I owe full credit to my dear wife for the odd topic we’re about to discuss, but she raised a question last week that deserves the kind of ground-breaking research only journalists are weird enough to handle.
Have you walked outside of your house recently? If you look within a two block radius, I’d almost guarantee you will see a mattress store, and for the life of me, I can’t figure out why.
You’ve got Mattress Firm, Mattress One, Mattress Pro, Mattress Mac, Mattress Royale and, not surprisingly, Mattress Overstock. There’s J&J Sleep, Golden Mattress Co., Affordable Furniture and the Waterbed Factory, because 1987 called.
If there’s a retail space up for lease, I’d bet a sleep number that a mattress store is unloading its showroom in the back.
Best example I can think of is right in the middle of The Leader’s coverage area. On the southeast corner of 11th and Shepherd in the Heights, you’ll find a Mattress Firm. On the northwest corner of that same intersection (a good 3-minute walk), you’ll find a Mattress One. Admittedly, that’s not completely nuts. Well, it wasn’t until I noticed a new store, Mattress Pro, just opened at the intersection of Shepherd and 610. So there are three mattress stores all within spittin’ distance of each other.
OK, I’ll concede that telling you about three mattress stores in two square miles isn’t earth-shattering material. So try this one on for size: Doing a standard map search, and using The Leader office as the center, I found there are 32 mattress stores within a radius of nine miles.
Here’s a question: What did you do more recently? A) Buy a mattress; or B) Buy a cup of coffee.
There are 33 coffee shops in the exact same area there are 32 mattress stores.
Let’s try another. What did you do more recently? A) Buy a mattress; or B) Go to the grocery store.
There are 14 grocery stores in the exact same area there are 32 mattress stores.
We all know there’s a national advertising campaign convincing us that we need to buy a new mattress every five to 10 years. But come on, folks. Are we really buying new mattresses more often than we buy new cars? Speaking of advertising hoaxes, the pillow industry (yes, there is one), now suggests we buy a new pillow every six months. If you’re like me, when I find the right fit, the dust mites have to drag that thing away before I chunk it.
Obviously, I’m not here to pontificate about the reason for so many mattress stores. Instead, I got on the phone.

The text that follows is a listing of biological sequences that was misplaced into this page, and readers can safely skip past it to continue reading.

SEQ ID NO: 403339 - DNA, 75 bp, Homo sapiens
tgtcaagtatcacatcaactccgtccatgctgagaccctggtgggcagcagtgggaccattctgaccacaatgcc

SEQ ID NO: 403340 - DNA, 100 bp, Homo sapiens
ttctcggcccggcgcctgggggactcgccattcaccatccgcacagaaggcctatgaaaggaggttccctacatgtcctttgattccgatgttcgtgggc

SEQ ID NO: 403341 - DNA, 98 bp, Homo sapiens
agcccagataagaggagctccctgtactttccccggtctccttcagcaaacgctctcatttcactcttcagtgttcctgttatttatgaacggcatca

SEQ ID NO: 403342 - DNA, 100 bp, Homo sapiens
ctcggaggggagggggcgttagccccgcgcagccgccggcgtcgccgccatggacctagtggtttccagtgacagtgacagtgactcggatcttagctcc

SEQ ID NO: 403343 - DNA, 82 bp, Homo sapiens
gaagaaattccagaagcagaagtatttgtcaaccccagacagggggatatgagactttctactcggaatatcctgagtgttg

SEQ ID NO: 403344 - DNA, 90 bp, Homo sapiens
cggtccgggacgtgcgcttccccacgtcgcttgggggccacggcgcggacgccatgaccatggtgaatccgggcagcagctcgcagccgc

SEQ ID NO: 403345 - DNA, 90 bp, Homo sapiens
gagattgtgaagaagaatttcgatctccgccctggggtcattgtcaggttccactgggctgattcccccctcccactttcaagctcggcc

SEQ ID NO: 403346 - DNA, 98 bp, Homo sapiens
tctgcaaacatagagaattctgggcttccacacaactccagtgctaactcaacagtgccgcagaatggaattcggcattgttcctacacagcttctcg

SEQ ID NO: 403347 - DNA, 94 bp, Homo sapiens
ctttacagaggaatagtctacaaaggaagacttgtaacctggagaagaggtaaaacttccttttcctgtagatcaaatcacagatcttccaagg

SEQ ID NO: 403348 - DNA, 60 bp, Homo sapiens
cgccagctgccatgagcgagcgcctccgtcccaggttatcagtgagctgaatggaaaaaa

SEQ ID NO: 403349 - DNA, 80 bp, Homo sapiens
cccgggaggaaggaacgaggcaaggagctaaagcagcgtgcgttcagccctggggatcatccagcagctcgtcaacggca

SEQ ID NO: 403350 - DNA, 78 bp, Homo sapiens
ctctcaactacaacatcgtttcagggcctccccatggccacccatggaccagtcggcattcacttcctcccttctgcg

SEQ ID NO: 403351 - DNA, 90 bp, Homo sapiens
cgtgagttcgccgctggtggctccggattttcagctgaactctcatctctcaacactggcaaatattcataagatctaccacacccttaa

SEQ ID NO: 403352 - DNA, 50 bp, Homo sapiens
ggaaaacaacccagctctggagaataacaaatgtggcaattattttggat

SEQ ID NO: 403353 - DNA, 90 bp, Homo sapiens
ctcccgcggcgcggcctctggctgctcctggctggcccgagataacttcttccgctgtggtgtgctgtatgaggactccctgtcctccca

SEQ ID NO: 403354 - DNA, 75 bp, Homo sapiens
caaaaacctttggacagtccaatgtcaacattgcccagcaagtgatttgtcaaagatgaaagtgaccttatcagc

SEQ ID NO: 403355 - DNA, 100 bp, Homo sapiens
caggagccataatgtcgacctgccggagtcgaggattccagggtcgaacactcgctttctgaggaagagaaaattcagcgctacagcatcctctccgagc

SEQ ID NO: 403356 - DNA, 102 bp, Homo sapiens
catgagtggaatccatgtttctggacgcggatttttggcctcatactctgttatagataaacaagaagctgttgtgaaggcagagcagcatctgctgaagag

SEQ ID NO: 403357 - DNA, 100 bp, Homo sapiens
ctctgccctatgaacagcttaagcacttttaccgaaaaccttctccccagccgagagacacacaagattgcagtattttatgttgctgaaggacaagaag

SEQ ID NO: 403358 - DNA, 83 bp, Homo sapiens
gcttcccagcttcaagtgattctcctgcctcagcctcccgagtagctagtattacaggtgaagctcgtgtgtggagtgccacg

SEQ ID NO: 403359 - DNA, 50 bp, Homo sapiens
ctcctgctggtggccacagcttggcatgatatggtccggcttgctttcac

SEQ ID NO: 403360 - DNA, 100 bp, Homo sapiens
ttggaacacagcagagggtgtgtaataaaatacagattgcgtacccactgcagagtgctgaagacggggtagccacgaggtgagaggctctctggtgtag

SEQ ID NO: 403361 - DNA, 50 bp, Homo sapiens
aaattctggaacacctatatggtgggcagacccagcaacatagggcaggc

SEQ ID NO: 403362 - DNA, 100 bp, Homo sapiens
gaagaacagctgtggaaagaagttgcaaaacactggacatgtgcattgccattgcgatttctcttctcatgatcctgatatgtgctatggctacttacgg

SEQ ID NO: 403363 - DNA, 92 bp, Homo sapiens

My first call went to the International Sleep Products Association, which is further proof that we all need an association. A lady by the name of Mary Helen Uusimak is in charge of media inquiries, but she didn’t return two of my calls. Probably thought I was a hack, like half our readers.
Next, I found another organization called the Better Sleep Council. I clicked on their media contact and, wouldn’t you know it, old Mary Helen is also in charge of their media inquiries.
That left me to start digging locally. I called Jacob Millwee, president of the Greater Heights Chamber of Commerce.
“Jacob,” I asked, “how many times a year do you buy a new mattress?”
“None of your business,” he answered.
Just kidding. Millwee’s hypothesis is that the real estate market has driven all these stores.
“We buy mattresses when we move, right?” Good point. “Maybe that’s why they’re all here. So many houses are selling, and maybe those stores are cashing in on our market right now.”
As a side note, Millwee said there are no major mattress stores that are members of the local Chamber of Commerce, which I think is sad.
Obviously, Millwee and I can only guess at why there are so many stores, so my next call went to Mattress Firm, which I learned is based in Houston and whose spokesperson, Casey Zuber, actually lives in the Heights.
I asked Zuber why her company, alone, has seven storefronts in our market. Are that many people really buying mattresses?
“We aren’t always a top-of-mind purchase,” she said. “So we look for highly visible and convenient locations.”
That, explained Zuber, is why you’ll find mattress stores popping up whenever there’s a visible location available
Apparently I’m not the only one asking this question. Earlier this year, the news service Bloomberg did a piece from Manhattan where a store called Sleepy’s has more than 30 locations. Bloomberg found that most mattresses are marked up at least 50 percent, which means selling just a few mattresses in a market like Houston would pay the rent on most of these storefronts. (I’d bet a Tempur-Pedic they are marked up more than 50 percent.) Bloomberg also said these mattress stores aren’t always worried about making a lot of money from the storefronts because their signs serve as branding billboards.
So if you’ve ever wondered why there are so many mattress stores, I suppose the reason isn’t as mind-blowing as we might have guessed. Sounds like economics to me: Cheap rent, high margins and built-in advertising.
Meanwhile, if I need a mattress in another 10 years, I wonder how many of those stores will still be around. Maybe they’ll all become Tex-Mex restaurants. We only have 61 of those in the market.